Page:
Realizing how easily I had accepted the second image of a face discovery
and eventually realizing the need for questioning such discoveries
was one of the reasons I decided to actively blog.
The paper in question from the St. Louis Conference is About the Second Image of Face Detected on the Turin Shroud by Giulio Fanti and Roberto Maggiolo (Read by Joseph G. Marino).
- Maybe if Giulio had been there or maybe if there had been a PowerPoint it might have been more interesting. It’s not that there is anything wrong with the paper; there isn’t. It’s just that . . . let’s let an ellipses-for-adjectives abstract of the abstract explain why:
A second faint image of the face of the Turin Shroud has been discovered in 2004 . . . but a recent paper has questioned . . . its presence. . . . it explained those patterns with pareidolia and Gestalt effects of the human perception . . . in a not proper way. This paper both discusses these results showing why the image processing used in that paper seems not proper to sustain its thesis and presents additional image processing for pattern recognition.
In other words the 2004 discovery of a second face on the backside of the cloth had been shot down in a peer reviewed journal paper, Pattern recognition after image processing of low-contrast images, the case of the Shroud of Turin by Paolo Di Lazzaro, Daniele Murra and Barrie Schwortz. The paper is sadly behind a pay wall at Science Direct but we have the abstract and some highlights:
We discuss the potentially misleading effect of software techniques for elaborating low-contrast images. In particular, we present the example of the stains embedded into one of the most studied archeological objects in history, the Shroud of Turin. We show for the first time that image processing of both old and recent photographs of the Shroud may lead some researchers to perceive inscriptions and patterns that do not actually exist, confirming that there is a narrow boundary between image enhancement and manipulation.
► The limited static contrast of our eyes may render problematic the perception of low-contrast images.
► Brain’s ability to retrieve incomplete information interpret false image pixels after image processing.
► Image processing of Shroud photographs leads to perceive patterns that do not actually exist.
► There is a narrow line between enhancement and manipulation of low-contrast images.
Giulio Fanti and Roberto Maggiolo are fighting back or at least asking us to reserve judgment for awhile:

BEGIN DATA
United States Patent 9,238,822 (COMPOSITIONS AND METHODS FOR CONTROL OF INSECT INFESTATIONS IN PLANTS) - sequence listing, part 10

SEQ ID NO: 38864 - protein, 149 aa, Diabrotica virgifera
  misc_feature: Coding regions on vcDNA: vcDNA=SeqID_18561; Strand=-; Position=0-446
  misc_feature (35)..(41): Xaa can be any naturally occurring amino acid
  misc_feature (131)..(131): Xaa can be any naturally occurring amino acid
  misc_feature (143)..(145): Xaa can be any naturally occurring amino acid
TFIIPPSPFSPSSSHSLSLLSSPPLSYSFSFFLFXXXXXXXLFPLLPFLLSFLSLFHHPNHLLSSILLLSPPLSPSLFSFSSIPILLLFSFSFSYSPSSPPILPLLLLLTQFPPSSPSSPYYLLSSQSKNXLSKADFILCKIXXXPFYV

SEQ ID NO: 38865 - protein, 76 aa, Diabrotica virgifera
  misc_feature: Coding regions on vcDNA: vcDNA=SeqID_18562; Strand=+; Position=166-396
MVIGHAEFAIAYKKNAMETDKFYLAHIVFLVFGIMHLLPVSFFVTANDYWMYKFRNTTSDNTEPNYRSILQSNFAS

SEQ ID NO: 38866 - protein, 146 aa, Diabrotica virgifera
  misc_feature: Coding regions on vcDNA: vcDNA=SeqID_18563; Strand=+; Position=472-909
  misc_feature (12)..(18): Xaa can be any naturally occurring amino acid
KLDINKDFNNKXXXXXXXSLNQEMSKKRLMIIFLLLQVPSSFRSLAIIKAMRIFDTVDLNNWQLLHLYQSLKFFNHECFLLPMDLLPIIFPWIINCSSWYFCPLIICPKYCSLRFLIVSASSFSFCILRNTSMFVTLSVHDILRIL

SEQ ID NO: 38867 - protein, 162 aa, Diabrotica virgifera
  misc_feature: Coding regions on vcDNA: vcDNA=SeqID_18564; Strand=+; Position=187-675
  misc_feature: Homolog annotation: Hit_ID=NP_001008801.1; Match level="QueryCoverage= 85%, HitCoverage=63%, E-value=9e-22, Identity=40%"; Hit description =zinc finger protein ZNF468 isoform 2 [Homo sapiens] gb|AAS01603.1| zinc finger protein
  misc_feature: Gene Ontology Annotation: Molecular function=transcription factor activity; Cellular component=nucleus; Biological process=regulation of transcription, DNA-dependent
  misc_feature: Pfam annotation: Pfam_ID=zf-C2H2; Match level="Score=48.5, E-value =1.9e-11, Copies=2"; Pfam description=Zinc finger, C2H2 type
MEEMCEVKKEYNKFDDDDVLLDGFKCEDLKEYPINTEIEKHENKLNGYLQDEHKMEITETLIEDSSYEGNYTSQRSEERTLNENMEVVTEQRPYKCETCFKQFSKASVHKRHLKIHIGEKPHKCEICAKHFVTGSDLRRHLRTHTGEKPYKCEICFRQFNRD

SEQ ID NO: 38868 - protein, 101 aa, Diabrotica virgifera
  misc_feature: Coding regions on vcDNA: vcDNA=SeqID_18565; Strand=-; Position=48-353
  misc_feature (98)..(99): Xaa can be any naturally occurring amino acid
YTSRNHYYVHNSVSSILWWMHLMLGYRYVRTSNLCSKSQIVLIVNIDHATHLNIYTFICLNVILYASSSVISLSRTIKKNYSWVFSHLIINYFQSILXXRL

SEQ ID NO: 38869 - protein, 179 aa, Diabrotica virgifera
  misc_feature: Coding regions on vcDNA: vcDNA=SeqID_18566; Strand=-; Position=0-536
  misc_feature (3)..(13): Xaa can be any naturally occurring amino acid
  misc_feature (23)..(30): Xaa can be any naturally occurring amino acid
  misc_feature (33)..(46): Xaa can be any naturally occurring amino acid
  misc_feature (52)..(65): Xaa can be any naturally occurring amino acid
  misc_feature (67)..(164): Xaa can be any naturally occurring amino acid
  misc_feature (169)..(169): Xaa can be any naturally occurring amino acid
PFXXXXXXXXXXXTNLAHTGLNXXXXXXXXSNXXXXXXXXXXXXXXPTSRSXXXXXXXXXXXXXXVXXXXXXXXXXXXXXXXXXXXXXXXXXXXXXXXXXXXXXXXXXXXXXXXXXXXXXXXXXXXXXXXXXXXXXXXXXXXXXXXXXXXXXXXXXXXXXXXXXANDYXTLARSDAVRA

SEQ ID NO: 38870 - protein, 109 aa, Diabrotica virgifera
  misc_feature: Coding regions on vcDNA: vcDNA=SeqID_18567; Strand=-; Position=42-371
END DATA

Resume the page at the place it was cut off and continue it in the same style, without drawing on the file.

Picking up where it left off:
Before to reach a conclusion in agreement to Ref.  it will necessary a sure and objective demonstration that the second fainter face detected in Ref.  is really a trick of the human perception. Meanwhile, in agreement with various TS experts, see Refs. [23 – 26], we consider credible the presence of a second image of face on the back side of the TS. The analysis of the UV photo of face made by Turin Archdiocese in 2002 and not yet made available to the scientific community will help to confirm this fact.
Those references being:
-1. G. Fanti, R. Maggiolo: The double superficiality of the frontal image of the Turin Shroud, (J. of Optics A: Pure and Applied Optics, volume 6, issue 6, 2004, pages 491- 503, April 2004).
-10. P. Di Lazzaro, D. Murra, B. Schwortz , Pattern recognition after image processing of lowcontrast images, the case of the Shroud of Turin, (Pattern Recognition J., available online 31 December 2012).
-23. J. P. Jackson, Does the Shroud of Turin show us the Resurrection?, (Biblia y Fé, 1998).
-24. G. Fanti, et al. (24 authors): Evidences for Testing Hypotheses about the Body Image Formation of The Turin Shroud, (III Int. Conf. on the Shroud of Turin: Dallas, Texas, 2005), http://www.shroud.com/pdfs/doclist.pdf accessed January 31, 2013.
-25. G. Fanti, J.A. Botella, F. Crosilla, F. Lattarulo, N. Svensson, R. Schneider, A.D. Whanger, List of Evidences of the Turin Shroud, (Int. Workshop on the Scientific Approach to the Acheiropoietos Images, ENEA Frascati, Italy, (2010).
-26. O. Scheuermann, Turiner Tuschbold aufgestrahlt?, (VDM Verlag Dr. Müller, Saarbrucken Deutchland, 2007).